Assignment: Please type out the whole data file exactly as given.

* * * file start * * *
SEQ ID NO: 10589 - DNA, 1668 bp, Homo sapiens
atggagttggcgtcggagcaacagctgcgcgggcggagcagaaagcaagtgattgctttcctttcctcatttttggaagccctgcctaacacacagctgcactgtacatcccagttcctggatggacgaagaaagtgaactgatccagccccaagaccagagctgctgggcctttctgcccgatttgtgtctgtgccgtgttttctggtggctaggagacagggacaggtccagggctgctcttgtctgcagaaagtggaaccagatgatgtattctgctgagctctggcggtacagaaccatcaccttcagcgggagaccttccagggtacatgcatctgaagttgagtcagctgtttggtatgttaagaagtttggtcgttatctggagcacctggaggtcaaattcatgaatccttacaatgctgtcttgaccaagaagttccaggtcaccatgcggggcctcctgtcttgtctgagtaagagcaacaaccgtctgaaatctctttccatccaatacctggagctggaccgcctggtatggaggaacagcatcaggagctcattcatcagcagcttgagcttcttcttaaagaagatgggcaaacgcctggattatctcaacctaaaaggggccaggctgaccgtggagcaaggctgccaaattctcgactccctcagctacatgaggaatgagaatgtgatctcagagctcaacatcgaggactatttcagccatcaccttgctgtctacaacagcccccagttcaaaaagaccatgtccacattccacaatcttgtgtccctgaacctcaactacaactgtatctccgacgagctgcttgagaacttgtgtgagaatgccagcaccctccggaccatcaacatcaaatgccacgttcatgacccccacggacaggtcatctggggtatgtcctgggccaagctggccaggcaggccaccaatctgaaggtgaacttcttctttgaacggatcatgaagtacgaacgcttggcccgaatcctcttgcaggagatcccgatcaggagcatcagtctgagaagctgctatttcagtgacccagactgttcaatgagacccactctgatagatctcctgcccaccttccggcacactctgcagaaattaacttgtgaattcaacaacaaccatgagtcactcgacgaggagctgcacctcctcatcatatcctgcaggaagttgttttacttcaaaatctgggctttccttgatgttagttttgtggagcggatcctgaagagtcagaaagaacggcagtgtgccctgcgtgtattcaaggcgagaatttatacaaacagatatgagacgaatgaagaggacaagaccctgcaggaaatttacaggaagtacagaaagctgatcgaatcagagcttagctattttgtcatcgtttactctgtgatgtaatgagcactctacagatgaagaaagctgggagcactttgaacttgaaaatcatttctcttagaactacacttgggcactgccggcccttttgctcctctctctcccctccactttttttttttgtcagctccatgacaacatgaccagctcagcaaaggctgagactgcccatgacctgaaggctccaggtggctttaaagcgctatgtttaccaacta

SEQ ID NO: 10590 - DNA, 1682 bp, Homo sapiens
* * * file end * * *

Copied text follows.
SEQ ID NO: 10589 - DNA, 1668 bp, Homo sapiens
atggagttggcgtcggagcaacagctgcgcgggcggagcagaaagcaagtgattgctttcctttcctcatttttggaagccctgcctaacacacagctgcactgtacatcccagttcctggatggacgaagaaagtgaactgatccagccccaagaccagagctgctgggcctttctgcccgatttgtgtctgtgccgtgttttctggtggctaggagacagggacaggtccagggctgctcttgtctgcagaaagtggaaccagatgatgtattctgctgagctctggcggtacagaaccatcaccttcagcgggagaccttccagggtacatgcatctgaagttgagtcagctgtttggtatgttaagaagtttggtcgttatctggagcacctggaggtcaaattcatgaatccttacaatgctgtcttgaccaagaagttccaggtcaccatgcggggcctcctgtcttgtctgagtaagagcaacaaccgtctgaaatctctttccatccaatacctggagctggaccgcctggtatggaggaacagcatcaggagctcattcatcagcagcttgagcttcttcttaaagaagatgggcaaacgcctggattatctcaacctaaaaggggccaggctgaccgtggagcaaggctgccaaattctcgactccctcagctacatgaggaatgagaatgtgatctcagagctcaacatcgaggactatttcagccatcaccttgctgtctacaacagcccccagttcaaaaagaccatgtccacattccacaatcttgtgtccctgaacctcaactacaactgtatctccgacgagctgcttgagaacttgtgtgagaatgccagcaccctccggaccatcaacatcaaatgccacgttcatgacccccacggacaggtcatctggggtatgtcctgggccaagctggccaggcaggccaccaatctgaaggtgaacttcttctttgaacggatcatgaagtacgaacgcttggcccgaatcctcttgcaggagatcccgatcaggagcatcagtctgagaagctgctatttcagtgacccagactgttcaatgagacccactctgatagatctcctgcccaccttccggcacactctgcagaaattaacttgtgaattcaacaacaaccatgagtcactcgacgaggagctgcacctcctcatcatatcctgcaggaagttgttttacttcaaaatctgggctttccttgatgttagttttgtggagcggatcctgaagagtcagaaagaacggcagtgtgccctgcgtgtattcaaggcgagaatttatacaaacagatatgagacgaatgaagaggacaagaccctgcaggaaatttacaggaagtacagaaagctgatcgaatcagagcttagctattttgtcatcgtttactctgtgatgtaatgagcactctacagatgaagaaagctgggagcactttgaacttgaaaatcatttctcttagaactacacttgggcactgccggcccttttgctcctctctctcccctccactttttttttttgtcagctccatgacaacatgaccagctcagcaaaggctgagactgcccatgacctgaaggctccaggtggctttaaagcgctatgtttaccaacta

SEQ ID NO: 10590 - DNA, 1682 bp, Homo sapiens